Updated following discussion in comments
The cause of the problem here is very low cardinality of the
SQL indexes are very good at quickly narrowing down values, but they have problems when you have lots of records with the same value.
You can think of it as like the index of a phone book - if you want to find "Smith, John" you first find that there are lots of names that begin with S, and then pages and pages of people called Smith, and then lots of Johns. You end up scanning the book.
This is compounded because the index in the phone book is clustered - the records are sorted by surname. If instead you want to find everyone called "John" you'll be doing a lot of looking up.
Here there are 30 million records but only 30 different values, which means that the best possible index is still returning around 1 million records - at that sort of scale it might as well be a table-scan. Each of those 1 million results is not the actual record - it's a lookup from the index to the table (the page number in the phone book analogy), which makes it even slower.
A high cardinality index (say for full date of birth), rather than year would be much quicker.
This is a general problem for all OLTP relational databases:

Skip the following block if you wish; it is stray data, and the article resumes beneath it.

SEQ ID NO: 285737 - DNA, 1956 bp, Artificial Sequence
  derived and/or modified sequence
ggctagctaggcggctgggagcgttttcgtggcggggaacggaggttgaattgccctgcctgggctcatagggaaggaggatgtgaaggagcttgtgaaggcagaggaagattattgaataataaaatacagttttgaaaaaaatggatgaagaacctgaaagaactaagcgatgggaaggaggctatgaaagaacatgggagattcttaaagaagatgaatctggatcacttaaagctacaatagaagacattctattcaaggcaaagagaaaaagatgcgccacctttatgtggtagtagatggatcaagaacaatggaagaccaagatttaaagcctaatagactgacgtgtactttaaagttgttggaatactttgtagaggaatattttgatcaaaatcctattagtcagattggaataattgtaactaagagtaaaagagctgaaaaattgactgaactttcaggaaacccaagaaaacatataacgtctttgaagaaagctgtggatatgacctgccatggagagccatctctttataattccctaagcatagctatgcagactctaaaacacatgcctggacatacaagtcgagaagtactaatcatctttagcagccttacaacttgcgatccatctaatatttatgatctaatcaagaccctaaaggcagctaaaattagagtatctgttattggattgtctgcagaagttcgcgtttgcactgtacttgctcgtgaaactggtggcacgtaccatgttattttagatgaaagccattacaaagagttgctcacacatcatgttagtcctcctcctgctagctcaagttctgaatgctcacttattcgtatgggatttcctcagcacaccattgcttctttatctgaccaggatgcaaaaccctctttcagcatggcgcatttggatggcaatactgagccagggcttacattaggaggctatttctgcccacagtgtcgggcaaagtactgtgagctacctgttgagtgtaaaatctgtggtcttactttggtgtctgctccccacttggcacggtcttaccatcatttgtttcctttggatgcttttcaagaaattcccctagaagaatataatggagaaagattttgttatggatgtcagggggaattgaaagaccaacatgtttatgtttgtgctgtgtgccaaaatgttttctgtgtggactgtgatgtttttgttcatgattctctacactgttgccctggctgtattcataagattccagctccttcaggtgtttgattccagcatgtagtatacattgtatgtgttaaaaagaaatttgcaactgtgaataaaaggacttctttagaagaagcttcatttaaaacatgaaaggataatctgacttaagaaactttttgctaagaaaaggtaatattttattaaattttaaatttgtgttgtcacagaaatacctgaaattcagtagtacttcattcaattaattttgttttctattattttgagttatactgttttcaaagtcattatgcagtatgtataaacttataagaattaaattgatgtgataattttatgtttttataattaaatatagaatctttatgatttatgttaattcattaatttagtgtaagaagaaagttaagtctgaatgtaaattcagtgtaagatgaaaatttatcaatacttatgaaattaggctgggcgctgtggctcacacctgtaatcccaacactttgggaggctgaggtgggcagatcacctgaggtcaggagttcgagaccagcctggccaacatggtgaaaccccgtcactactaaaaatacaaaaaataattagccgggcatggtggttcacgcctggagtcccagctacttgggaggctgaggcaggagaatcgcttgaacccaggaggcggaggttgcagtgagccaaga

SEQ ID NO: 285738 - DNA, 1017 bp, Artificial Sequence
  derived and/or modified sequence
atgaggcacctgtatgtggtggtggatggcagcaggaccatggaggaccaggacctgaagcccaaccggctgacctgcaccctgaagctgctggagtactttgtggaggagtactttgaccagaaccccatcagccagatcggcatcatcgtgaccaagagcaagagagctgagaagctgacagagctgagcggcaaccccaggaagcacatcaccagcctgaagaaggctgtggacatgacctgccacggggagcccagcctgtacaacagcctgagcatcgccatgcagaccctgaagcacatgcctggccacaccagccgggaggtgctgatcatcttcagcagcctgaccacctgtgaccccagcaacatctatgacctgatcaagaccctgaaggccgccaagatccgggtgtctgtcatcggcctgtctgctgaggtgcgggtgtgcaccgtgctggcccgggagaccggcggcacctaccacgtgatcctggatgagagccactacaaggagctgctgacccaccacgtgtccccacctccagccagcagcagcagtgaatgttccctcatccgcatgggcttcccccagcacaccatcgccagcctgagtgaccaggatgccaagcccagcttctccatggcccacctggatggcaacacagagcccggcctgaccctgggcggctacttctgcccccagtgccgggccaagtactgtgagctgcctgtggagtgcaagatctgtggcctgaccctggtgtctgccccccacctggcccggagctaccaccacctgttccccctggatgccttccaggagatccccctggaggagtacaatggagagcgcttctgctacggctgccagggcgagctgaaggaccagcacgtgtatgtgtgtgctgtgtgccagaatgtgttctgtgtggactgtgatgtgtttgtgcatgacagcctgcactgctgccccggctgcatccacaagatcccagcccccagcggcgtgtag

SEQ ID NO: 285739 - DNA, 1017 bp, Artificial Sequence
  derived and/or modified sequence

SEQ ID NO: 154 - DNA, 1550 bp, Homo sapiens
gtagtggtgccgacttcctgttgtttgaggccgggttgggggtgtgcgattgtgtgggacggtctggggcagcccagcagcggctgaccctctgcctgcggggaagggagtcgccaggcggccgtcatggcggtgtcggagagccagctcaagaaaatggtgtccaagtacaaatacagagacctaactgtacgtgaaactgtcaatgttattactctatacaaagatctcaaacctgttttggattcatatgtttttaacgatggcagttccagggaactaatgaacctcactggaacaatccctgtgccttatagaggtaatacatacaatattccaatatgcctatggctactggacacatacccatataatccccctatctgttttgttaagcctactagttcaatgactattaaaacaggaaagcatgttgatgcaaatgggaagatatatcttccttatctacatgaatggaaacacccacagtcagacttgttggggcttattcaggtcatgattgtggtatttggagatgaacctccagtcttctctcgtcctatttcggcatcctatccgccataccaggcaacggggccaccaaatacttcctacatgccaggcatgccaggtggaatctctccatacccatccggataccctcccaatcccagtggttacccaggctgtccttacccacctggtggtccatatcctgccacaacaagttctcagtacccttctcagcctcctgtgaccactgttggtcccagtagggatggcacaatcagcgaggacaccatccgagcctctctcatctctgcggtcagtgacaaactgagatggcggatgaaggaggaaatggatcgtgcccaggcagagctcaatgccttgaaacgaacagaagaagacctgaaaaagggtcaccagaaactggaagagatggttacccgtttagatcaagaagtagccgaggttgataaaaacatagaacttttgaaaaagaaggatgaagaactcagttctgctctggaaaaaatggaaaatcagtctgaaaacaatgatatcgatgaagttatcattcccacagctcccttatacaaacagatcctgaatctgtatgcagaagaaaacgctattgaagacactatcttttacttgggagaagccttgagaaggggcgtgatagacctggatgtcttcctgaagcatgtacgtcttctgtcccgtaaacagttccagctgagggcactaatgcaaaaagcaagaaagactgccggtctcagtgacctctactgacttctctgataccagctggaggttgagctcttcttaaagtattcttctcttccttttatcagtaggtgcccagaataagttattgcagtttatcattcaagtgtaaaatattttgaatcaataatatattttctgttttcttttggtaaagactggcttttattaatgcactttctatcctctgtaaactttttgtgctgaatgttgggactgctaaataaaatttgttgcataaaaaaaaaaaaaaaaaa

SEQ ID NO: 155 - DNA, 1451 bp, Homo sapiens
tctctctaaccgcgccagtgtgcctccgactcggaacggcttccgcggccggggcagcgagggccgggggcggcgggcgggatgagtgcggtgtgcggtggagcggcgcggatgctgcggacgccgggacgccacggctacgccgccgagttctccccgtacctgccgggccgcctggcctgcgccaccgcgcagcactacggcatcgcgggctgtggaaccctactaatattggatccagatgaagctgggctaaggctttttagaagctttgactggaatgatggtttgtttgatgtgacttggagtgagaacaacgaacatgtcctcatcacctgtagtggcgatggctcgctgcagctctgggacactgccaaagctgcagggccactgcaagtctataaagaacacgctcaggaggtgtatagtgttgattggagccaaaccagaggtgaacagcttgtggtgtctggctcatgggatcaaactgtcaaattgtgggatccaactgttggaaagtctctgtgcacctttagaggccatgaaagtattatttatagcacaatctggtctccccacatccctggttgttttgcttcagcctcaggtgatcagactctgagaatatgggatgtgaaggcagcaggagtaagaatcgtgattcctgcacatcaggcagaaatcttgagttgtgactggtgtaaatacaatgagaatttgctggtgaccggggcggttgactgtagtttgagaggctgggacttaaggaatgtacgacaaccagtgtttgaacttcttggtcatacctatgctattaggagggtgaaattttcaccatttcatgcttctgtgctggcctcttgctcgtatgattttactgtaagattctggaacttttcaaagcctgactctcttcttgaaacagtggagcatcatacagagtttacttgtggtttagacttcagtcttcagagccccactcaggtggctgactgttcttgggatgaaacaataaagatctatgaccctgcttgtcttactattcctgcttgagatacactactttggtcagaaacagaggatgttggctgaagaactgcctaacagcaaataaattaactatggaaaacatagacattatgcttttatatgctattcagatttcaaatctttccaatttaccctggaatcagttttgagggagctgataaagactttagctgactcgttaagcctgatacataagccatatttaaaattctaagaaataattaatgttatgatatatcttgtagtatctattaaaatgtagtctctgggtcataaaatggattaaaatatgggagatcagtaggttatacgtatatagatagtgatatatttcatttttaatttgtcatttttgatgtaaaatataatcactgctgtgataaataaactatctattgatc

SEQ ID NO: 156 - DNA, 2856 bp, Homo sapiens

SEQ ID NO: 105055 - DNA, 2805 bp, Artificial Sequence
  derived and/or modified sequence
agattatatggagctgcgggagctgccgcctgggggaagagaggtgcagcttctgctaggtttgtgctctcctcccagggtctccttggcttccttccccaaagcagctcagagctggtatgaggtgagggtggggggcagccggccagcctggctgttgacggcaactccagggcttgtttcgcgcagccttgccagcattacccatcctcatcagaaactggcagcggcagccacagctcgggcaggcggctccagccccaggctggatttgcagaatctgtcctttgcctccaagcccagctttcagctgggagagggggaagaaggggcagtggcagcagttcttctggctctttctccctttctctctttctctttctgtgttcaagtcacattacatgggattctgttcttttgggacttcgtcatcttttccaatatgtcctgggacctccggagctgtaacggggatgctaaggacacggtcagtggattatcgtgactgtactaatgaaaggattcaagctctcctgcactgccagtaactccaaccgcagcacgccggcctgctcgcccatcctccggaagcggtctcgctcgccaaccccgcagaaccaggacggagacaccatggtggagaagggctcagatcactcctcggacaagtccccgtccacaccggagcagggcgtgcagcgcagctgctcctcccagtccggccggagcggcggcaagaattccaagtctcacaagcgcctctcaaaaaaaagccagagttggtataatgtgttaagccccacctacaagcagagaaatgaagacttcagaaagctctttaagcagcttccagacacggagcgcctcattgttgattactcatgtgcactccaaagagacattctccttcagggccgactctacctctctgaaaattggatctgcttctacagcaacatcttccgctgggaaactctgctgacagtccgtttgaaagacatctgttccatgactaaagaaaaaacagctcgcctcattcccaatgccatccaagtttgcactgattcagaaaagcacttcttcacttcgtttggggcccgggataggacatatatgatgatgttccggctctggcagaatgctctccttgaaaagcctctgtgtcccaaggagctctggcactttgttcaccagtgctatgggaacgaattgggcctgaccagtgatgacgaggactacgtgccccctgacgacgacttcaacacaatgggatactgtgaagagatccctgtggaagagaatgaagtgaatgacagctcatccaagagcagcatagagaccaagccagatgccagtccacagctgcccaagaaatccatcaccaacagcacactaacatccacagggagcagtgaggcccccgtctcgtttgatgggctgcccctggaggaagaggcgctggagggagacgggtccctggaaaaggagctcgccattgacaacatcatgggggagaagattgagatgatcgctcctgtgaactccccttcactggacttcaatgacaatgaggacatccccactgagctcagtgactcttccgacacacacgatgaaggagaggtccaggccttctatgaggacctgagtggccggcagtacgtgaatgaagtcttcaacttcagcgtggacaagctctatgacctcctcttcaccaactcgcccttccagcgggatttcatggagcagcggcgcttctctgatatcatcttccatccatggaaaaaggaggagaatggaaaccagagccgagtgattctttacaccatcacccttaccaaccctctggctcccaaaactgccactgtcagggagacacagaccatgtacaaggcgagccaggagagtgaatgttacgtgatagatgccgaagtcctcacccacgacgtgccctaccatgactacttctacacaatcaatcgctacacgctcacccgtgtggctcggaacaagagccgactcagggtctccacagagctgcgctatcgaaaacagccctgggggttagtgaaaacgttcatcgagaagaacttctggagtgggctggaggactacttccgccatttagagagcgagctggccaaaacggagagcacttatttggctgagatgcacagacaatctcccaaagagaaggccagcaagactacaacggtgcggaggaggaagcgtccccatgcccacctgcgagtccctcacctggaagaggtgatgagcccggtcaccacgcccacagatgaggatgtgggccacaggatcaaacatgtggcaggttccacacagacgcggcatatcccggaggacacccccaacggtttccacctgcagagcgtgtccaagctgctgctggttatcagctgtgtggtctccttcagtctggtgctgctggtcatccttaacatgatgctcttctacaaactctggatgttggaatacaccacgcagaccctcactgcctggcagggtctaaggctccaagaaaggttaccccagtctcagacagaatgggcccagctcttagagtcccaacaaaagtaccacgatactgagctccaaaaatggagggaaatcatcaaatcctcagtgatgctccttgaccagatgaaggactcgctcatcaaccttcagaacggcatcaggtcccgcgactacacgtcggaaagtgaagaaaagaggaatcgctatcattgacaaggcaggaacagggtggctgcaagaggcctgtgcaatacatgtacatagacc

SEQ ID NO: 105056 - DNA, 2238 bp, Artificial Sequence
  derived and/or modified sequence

low cardinality + huge datasets = slow queries because index-trees don't help much.
In short: there's no significantly quicker way to get the count using T-SQL and indexes.
You have a couple of options:
1. Data Aggregation
Either OLAP/Cube rollups or do it yourself:
select Born, count(*)
group by Born
The pro is that cube lookups or checking your cache is very fast. The problem is that the data will get out of date and you need some way to account for that.
2. Parallel Queries
Split into two queries:
WHERE Born = '1970'
SELECT TOP 30 *
WHERE Born = '1970'
Then run these either in parallel server side, or add it to the user interface.
This problem is one of the big advantages no-SQL solutions have over traditional relational databases. In a no-SQL system the
Person table is federated (or sharded) across lots of cheap servers. When a user searches every server is checked at the same time.
At this point a technology change is probably out, but it may be worth investigating so I've included it.
I have had similar problems in the past with databases of this kind of size, and (depending on context) I've used both options 1 and 2. If the total here is for paging then I'd probably go with option 2 and AJAX call to get the count.